By Maria Saporta
When Atlanta hosts the 2015 Summit of Nobel Peace Prize Laureates next November, it is guaranteed to not repeat the mishap of the now-cancelled 2014 Summit that was to have taken place in Cape Town, South Africa from Oct. 13 to 15.
The annual summit was officially cancelled Thursday after six Nobel Peace laureates pulled out of the event – protesting the exclusion of the Dalai Lama. The South African government denied a visa for the Dalai Lama – the spiritual leader from Tibet – after receiving pressure from China.
By refusing to give the Dalai Lama a visa, the South African government set off a controversy of global proportions. So instead of using the occasion to celebrate the 20th anniversary of the end of apartheid and the life of the late Nelson Mandela, who won the Nobel Peace Prize in 1993, South Africa was receiving an onslaught of negative press – both at home and abroad.
Nobel Peace Prize laureate Desmond Tutu, who is also from South Africa, reportedly said he was “ashamed to call this lickspittle bunch my government.”
Fortunately, that is not a controversy that will travel to Atlanta for the 2015 Summit, according to Mohammad Bhuiyan, CEO of the Atlanta Summit Organization of Nobel Peace Laureates.
“We are looking forward to welcoming them all to Atlanta next year,” Bhuiyan said Thursday in a telephone interview. “The Dalai Lama gets red carpet treatment in the United States, and he has very close relations with Emory University and Atlanta. Atlanta will not have any of those issues because the Dalai Lama is very welcomed in the United States.”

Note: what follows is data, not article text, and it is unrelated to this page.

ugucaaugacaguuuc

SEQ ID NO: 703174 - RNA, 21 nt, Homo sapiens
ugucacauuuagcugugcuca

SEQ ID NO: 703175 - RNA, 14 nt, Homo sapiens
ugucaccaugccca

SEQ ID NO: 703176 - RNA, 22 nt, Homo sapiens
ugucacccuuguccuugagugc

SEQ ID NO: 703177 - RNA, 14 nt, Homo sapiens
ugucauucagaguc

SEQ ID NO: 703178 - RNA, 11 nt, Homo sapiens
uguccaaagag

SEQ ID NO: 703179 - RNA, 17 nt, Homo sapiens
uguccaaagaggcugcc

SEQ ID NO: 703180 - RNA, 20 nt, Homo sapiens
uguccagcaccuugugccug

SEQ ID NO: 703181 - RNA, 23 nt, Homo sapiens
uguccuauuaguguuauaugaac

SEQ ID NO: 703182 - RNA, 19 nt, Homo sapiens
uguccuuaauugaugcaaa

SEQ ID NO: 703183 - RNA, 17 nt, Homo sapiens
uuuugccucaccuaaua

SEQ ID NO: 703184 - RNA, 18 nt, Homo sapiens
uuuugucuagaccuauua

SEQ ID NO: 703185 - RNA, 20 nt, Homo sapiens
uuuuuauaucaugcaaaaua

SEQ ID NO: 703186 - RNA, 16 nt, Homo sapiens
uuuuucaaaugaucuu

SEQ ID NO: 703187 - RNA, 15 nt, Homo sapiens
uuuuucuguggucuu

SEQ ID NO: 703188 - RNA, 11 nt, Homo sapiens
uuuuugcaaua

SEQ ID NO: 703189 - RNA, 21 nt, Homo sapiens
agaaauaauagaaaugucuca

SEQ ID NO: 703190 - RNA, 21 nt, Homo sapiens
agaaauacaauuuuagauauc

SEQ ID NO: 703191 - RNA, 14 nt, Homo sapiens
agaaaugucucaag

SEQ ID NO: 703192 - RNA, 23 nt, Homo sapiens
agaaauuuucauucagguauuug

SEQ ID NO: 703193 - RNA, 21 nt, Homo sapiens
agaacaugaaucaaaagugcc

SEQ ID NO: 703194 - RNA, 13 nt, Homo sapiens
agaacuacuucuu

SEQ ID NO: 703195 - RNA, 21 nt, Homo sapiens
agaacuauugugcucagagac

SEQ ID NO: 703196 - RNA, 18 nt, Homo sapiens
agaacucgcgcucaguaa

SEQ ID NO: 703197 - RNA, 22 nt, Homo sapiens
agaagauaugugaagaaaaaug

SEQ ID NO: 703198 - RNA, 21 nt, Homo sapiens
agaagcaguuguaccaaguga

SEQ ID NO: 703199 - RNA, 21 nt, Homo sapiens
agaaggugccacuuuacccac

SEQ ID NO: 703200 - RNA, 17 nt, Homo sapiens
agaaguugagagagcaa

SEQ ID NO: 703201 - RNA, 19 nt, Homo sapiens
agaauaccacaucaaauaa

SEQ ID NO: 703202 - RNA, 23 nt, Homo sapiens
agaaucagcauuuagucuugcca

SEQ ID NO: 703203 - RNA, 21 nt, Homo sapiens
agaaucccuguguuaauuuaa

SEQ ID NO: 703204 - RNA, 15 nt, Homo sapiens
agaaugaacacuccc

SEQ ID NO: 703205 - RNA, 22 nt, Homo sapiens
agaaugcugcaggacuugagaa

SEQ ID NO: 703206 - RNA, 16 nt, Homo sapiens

Plans are well underway for the Atlanta. Bhuiyan said that already 21 of the 30 living Nobel Peace laureates have agreed to come to the Atlanta Summit, which will be held from Nov. 15 to 19, 2015. Also 16 of the 20 organizations that have received the peace prize also are planning to come. If that holds true, it will be the best attended Nobel Peace Laureate Summit ever.
But Bhuiyan still hopes to get 100 percent participation from all the individuals and organizations that have won the peace prize.
“The only one we are no sure about is the one in China who is in prison,” Bhuiyan said referring to Liu Xiaobo, who won the prize in 2010. He was in jail when he was awarded the prize.
Bhuiyan had planned to go to Cape Town for the 2014 Summit, but he had not yet bought his ticket “as the uncertainty started brewing up.” Although the decision to cancel the Cape Town summit should have no bearing on the Atlanta summit, Bhuiyan said he was disappointed in the reasons why it didn’t take place.
“It is very sad for South Africa,” Bhuiyan said. “I’m really sad for the 400 to 500 students who were looking forward to meeting Nobel Peace laureates and who had saved their money to go to the summit to honor Nelson Mandela.”
Although he did not know specifically why South Africa denied the Dalai Lama a visa, Bhuiyan said that many African governments rely heavily on investments from China, and they do not want to do anything to upset the Chinese government.
“It is a very unfortunate incident for the whole world,” Bhuiyan said. “A lot of people were looking forward to going to Cape Town, but we are looking forward to bringing them to Atlanta next year.”
Bhuiyan said Atlanta also is planning to have a pre-summit event from April 27 to 29, 2015.
Professor Muhammad Yunus, who was awarded the Nobel Peace Prize in 2006 and who was the leader behind bringing the Summit to Atlanta, will be back in town in April. Yunus just spent three days in Atlanta for a series of events that included a gala and a talk to the Rotary Club of Atlanta to help promote the 2015 Summit next November.